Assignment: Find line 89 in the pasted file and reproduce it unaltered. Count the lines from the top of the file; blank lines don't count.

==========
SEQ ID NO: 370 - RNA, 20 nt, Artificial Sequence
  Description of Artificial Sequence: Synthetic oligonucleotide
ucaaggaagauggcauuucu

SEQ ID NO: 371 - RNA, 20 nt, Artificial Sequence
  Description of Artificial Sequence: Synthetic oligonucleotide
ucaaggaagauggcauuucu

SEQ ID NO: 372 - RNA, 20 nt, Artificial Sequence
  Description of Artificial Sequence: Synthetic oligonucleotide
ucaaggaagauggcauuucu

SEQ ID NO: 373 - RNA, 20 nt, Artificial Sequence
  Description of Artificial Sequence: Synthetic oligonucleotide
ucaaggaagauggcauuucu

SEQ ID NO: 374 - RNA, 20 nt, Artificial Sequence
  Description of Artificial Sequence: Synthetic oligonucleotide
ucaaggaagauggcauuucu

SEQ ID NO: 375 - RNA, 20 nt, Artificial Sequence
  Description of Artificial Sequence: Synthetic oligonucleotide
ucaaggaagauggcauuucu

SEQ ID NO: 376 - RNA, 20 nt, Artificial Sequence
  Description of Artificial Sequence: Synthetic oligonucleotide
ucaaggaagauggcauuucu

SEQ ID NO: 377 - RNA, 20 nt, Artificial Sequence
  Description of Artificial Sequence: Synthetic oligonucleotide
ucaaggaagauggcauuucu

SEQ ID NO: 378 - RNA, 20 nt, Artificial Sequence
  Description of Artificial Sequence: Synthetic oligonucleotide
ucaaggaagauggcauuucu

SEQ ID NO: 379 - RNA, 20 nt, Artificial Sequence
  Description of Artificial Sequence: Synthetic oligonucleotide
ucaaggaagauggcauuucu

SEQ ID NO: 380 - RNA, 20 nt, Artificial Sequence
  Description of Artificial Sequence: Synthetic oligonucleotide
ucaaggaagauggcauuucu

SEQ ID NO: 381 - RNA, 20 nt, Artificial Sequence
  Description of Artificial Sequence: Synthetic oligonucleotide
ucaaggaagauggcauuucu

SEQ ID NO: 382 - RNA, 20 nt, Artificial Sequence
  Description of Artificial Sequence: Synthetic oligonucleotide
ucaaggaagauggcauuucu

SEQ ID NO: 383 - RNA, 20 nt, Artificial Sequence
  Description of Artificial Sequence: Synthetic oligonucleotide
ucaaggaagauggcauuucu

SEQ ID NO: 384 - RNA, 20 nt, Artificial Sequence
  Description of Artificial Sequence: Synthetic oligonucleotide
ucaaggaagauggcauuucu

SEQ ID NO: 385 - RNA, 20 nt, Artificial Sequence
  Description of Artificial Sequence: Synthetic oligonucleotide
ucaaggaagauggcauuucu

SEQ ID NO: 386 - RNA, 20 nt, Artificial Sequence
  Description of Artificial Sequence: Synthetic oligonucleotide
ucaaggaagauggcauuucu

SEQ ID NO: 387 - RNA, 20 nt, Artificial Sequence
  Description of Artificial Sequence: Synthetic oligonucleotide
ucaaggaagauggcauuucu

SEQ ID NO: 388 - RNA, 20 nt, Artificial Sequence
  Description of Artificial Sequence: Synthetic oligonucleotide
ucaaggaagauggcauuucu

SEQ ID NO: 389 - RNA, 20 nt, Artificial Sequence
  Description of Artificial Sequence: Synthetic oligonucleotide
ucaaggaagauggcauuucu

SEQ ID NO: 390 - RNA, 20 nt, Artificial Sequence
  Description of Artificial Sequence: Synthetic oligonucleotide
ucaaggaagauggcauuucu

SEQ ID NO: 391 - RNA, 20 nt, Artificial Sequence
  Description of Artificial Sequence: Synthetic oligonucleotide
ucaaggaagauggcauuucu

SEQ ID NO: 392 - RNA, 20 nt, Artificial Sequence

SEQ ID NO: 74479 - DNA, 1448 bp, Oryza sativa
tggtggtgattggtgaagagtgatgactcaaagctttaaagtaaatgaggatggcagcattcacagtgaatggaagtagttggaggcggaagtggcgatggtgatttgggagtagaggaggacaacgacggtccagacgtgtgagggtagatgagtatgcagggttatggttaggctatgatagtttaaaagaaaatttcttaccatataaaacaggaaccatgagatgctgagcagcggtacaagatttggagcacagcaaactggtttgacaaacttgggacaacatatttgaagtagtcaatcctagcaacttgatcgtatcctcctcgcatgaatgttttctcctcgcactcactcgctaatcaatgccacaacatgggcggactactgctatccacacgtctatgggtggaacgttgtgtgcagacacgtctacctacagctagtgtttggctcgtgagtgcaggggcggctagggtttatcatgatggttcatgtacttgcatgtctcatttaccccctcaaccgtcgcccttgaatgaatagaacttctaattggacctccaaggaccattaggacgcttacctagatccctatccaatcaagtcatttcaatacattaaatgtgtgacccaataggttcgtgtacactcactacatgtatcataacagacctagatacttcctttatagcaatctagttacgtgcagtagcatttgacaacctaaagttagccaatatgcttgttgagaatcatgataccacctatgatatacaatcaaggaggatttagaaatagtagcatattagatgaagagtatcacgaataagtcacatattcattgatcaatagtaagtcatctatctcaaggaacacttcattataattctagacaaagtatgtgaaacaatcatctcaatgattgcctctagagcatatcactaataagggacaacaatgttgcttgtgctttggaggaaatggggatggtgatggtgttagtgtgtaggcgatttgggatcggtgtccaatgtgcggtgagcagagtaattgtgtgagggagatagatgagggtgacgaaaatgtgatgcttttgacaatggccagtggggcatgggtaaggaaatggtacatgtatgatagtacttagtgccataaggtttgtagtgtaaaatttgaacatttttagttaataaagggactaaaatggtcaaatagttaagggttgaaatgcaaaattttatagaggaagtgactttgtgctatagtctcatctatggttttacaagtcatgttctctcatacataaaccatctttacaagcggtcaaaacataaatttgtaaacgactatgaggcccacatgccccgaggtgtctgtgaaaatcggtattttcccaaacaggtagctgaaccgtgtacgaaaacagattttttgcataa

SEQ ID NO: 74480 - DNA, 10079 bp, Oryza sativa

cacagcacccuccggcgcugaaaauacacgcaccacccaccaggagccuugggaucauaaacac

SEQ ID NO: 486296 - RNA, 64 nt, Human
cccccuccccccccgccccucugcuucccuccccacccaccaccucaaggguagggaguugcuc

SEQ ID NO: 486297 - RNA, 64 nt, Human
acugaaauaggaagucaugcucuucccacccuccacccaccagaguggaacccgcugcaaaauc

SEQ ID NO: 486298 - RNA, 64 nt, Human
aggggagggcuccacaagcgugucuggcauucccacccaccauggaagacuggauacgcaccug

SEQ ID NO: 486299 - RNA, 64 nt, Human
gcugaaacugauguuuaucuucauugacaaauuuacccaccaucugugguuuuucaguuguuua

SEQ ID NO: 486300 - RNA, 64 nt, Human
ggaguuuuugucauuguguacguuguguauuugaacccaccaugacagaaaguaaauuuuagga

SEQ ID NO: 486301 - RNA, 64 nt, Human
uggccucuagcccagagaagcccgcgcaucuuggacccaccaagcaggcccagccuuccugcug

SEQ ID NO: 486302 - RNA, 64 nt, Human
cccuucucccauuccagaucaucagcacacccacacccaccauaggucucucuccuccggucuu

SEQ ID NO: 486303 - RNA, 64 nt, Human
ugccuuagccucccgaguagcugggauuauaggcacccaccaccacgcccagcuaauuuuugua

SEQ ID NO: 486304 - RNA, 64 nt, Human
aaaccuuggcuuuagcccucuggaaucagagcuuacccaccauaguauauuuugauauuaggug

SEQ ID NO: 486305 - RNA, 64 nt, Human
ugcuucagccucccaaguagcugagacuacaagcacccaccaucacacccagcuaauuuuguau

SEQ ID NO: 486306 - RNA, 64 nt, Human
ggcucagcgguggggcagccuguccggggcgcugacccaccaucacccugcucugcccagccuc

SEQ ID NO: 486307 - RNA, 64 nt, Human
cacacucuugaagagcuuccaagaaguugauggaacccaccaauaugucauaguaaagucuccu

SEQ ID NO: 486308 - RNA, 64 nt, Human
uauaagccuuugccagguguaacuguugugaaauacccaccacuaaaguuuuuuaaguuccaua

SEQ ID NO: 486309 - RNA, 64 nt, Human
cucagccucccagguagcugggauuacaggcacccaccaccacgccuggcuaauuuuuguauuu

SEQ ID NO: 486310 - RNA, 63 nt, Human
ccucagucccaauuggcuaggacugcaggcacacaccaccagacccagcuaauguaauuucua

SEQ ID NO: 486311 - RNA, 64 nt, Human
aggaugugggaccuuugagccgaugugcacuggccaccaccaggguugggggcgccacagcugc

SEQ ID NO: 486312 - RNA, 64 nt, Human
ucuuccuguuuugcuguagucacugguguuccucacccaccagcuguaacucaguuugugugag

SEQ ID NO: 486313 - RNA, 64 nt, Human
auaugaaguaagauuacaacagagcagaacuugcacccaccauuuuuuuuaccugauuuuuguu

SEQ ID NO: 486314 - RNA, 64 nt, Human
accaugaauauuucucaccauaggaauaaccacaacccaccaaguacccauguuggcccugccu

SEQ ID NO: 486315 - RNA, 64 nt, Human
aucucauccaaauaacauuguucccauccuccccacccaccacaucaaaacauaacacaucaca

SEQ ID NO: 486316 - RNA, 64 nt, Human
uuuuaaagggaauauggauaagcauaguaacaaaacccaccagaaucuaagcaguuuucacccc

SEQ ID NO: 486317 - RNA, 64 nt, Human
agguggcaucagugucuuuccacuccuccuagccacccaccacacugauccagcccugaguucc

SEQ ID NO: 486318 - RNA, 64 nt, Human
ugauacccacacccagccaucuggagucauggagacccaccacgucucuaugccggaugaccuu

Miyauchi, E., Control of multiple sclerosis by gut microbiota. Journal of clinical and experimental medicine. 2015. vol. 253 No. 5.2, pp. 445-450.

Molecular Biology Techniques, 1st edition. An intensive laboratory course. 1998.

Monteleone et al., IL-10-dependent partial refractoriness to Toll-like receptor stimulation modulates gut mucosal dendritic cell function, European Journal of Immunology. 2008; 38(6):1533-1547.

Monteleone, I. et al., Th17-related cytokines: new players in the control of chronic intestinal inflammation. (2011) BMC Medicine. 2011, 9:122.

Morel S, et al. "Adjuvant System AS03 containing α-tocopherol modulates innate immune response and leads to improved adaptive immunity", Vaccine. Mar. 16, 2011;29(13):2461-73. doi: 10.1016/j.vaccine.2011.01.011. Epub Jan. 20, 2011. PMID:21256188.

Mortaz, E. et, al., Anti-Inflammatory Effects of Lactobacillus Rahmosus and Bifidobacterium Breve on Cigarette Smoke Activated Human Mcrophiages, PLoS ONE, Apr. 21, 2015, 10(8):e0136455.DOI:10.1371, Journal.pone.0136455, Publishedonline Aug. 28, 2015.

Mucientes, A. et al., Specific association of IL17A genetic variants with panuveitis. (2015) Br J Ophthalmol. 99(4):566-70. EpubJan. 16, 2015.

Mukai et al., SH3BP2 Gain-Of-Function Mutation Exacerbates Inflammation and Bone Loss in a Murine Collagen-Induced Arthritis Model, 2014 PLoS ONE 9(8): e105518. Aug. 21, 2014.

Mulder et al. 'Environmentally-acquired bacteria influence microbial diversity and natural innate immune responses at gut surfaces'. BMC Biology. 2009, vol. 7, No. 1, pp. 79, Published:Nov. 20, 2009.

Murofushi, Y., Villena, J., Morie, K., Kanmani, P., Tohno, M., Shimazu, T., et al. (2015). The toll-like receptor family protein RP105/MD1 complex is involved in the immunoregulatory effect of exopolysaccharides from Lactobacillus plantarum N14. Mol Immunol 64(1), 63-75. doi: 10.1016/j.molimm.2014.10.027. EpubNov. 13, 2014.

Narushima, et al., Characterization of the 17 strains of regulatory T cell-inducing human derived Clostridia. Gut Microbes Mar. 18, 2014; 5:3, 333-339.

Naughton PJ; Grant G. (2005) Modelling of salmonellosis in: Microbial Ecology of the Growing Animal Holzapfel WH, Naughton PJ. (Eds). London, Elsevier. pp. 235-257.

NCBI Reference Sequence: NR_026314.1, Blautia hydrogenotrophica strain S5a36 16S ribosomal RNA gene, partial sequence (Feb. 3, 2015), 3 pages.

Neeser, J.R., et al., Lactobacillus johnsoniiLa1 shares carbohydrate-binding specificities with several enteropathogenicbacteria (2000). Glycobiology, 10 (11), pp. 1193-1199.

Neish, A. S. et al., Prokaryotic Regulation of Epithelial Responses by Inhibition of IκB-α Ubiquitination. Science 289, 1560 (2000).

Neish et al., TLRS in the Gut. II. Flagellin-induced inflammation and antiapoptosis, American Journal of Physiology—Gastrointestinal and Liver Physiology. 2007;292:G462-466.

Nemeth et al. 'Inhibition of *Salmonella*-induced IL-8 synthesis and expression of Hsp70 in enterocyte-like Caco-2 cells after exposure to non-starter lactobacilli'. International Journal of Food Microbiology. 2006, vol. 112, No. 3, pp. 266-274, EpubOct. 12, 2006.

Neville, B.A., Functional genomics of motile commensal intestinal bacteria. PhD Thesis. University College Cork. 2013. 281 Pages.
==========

aaaccuuggcuuuagcccucuggaaucagagcuuacccaccauaguauauuuugauauuaggug